Time Resolved Beam Divergence from a Copper Vapor Laser with Unstable Resonator

David W. Coutts*

*Corresponding author for this work

    Research output: Contribution to journalArticlepeer-review

    42 Citations (Scopus)
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    The temporal evolution of the far-field intensity distribution (and hence beam divergence) for the output of a CVL operating with both on-axis and off-axis unstable resonators is investigated in detail. The CVL output pulse consists of several temporally resolved components, where each successive component has lower divergence approaching the diffraction limit. A comprehensive model for the divergence of each temporal component from a CVL operating with a variety of unstable resonators is presented. In this model the resonator controls the output divergence by imposing geometric constraints on the propagation of spontaneous emission on repeated round-trips through the unstable resonator equivalent lensguide. Effects of resonator asymmetry and radial gain variations on the far-field intensity distribution (and hence divergence) are evaluated. Experimental measurements of the temporal evolution of output divergence from a CVL operating with both on-axis and off-axis unstable resonators and for a variety of excitation conditions are also presented. For CVL operation at high pulse repetition frequency the ASE at the start of the laser pulse has an annular profile. This annular gain distribution is found to modify the output far-field intensity distribution of the earlier temporal components of the laser pulse. For on-axis unstable resonators these components are found to have annular far-field intensity distributions, whereas for off-axis unstable resonators they have greatly reduced but anisotropic divergence.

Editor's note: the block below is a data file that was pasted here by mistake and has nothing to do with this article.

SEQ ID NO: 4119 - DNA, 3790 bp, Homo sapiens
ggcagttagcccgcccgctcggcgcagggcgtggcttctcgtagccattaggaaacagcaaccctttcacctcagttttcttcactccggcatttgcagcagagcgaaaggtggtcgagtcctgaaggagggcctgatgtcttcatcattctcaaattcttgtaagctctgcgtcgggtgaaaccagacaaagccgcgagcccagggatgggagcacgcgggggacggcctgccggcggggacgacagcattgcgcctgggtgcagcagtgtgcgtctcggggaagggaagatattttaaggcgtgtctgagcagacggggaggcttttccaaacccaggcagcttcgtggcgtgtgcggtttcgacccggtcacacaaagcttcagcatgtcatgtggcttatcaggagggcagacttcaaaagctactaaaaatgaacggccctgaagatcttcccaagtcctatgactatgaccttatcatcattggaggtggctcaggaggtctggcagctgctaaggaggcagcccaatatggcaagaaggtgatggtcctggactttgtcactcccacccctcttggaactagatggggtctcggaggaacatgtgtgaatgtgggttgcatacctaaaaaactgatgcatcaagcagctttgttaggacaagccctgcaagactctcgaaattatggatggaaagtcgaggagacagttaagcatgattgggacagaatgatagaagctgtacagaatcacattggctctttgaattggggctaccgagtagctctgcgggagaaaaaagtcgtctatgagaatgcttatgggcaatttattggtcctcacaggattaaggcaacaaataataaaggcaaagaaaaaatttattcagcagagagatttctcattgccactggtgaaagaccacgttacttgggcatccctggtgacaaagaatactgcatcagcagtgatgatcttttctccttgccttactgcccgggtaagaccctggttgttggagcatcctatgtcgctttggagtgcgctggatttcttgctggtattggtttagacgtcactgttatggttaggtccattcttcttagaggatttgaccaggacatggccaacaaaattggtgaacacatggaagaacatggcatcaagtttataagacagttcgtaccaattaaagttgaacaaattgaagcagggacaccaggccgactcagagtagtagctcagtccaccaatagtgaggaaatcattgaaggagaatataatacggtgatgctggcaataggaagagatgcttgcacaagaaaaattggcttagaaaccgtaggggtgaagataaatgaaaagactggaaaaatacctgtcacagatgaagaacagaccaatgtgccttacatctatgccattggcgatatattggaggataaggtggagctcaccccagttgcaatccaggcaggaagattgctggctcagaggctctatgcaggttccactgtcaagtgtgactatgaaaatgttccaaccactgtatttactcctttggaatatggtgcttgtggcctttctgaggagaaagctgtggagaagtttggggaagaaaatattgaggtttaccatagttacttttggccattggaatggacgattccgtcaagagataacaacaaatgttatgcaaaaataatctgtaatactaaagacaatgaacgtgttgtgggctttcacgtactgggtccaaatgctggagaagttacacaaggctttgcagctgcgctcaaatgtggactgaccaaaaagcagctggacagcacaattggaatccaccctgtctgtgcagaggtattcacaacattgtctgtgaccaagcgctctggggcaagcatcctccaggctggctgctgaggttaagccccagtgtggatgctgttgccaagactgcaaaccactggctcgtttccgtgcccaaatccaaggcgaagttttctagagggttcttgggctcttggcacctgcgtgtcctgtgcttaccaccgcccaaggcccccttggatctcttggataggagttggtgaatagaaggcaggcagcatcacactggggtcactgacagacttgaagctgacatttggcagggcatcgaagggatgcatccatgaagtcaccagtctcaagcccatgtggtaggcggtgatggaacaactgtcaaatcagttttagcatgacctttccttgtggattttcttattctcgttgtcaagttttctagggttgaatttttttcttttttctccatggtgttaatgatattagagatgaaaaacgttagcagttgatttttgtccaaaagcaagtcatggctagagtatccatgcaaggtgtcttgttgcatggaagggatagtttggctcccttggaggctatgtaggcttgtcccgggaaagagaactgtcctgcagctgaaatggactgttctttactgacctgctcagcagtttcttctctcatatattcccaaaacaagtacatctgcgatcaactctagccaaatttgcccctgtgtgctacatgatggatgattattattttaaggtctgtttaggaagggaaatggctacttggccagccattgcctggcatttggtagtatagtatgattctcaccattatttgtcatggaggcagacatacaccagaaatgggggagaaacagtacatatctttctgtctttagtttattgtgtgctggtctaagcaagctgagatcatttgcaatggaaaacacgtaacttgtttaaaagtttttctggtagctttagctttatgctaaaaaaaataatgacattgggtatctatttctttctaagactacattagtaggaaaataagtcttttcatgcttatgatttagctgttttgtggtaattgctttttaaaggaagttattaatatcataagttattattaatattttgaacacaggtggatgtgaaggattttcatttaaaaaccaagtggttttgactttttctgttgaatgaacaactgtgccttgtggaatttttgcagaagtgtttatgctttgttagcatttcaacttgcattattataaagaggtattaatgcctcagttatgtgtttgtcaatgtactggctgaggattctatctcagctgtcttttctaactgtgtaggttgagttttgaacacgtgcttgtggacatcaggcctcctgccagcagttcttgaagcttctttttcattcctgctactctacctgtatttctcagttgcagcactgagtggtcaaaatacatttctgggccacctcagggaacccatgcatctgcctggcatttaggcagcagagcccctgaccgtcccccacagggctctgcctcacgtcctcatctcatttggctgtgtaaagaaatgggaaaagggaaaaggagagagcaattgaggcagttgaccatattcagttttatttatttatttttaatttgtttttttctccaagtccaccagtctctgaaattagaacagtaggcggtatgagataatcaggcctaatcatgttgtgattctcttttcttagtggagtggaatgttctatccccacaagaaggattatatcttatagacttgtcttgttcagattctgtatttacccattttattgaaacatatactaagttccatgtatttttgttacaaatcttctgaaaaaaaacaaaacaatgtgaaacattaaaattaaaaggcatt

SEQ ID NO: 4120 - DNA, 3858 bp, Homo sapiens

Original languageEnglish
    Pages (from-to)330-342
    Number of pages13
    JournalIEEE Journal of Quantum Electronics
    Issue number2
    Publication statusPublished - 1995

    Bibliographical note

    Copyright 1995 IEEE. Reprinted from IEEE journal of quantum electronics. This material is posted here with permission of the IEEE. Such permission of the IEEE does not in any way imply IEEE endorsement of any of Macquarie University’s products or services. Internal or personal use of this material is permitted. However, permission to reprint/republish this material for advertising or promotional purposes or for creating new collective works for resale or redistribution must be obtained from the IEEE by writing to pubs-permissions@ieee.org. By choosing to view this document, you agree to all provisions of the copyright laws protecting it.


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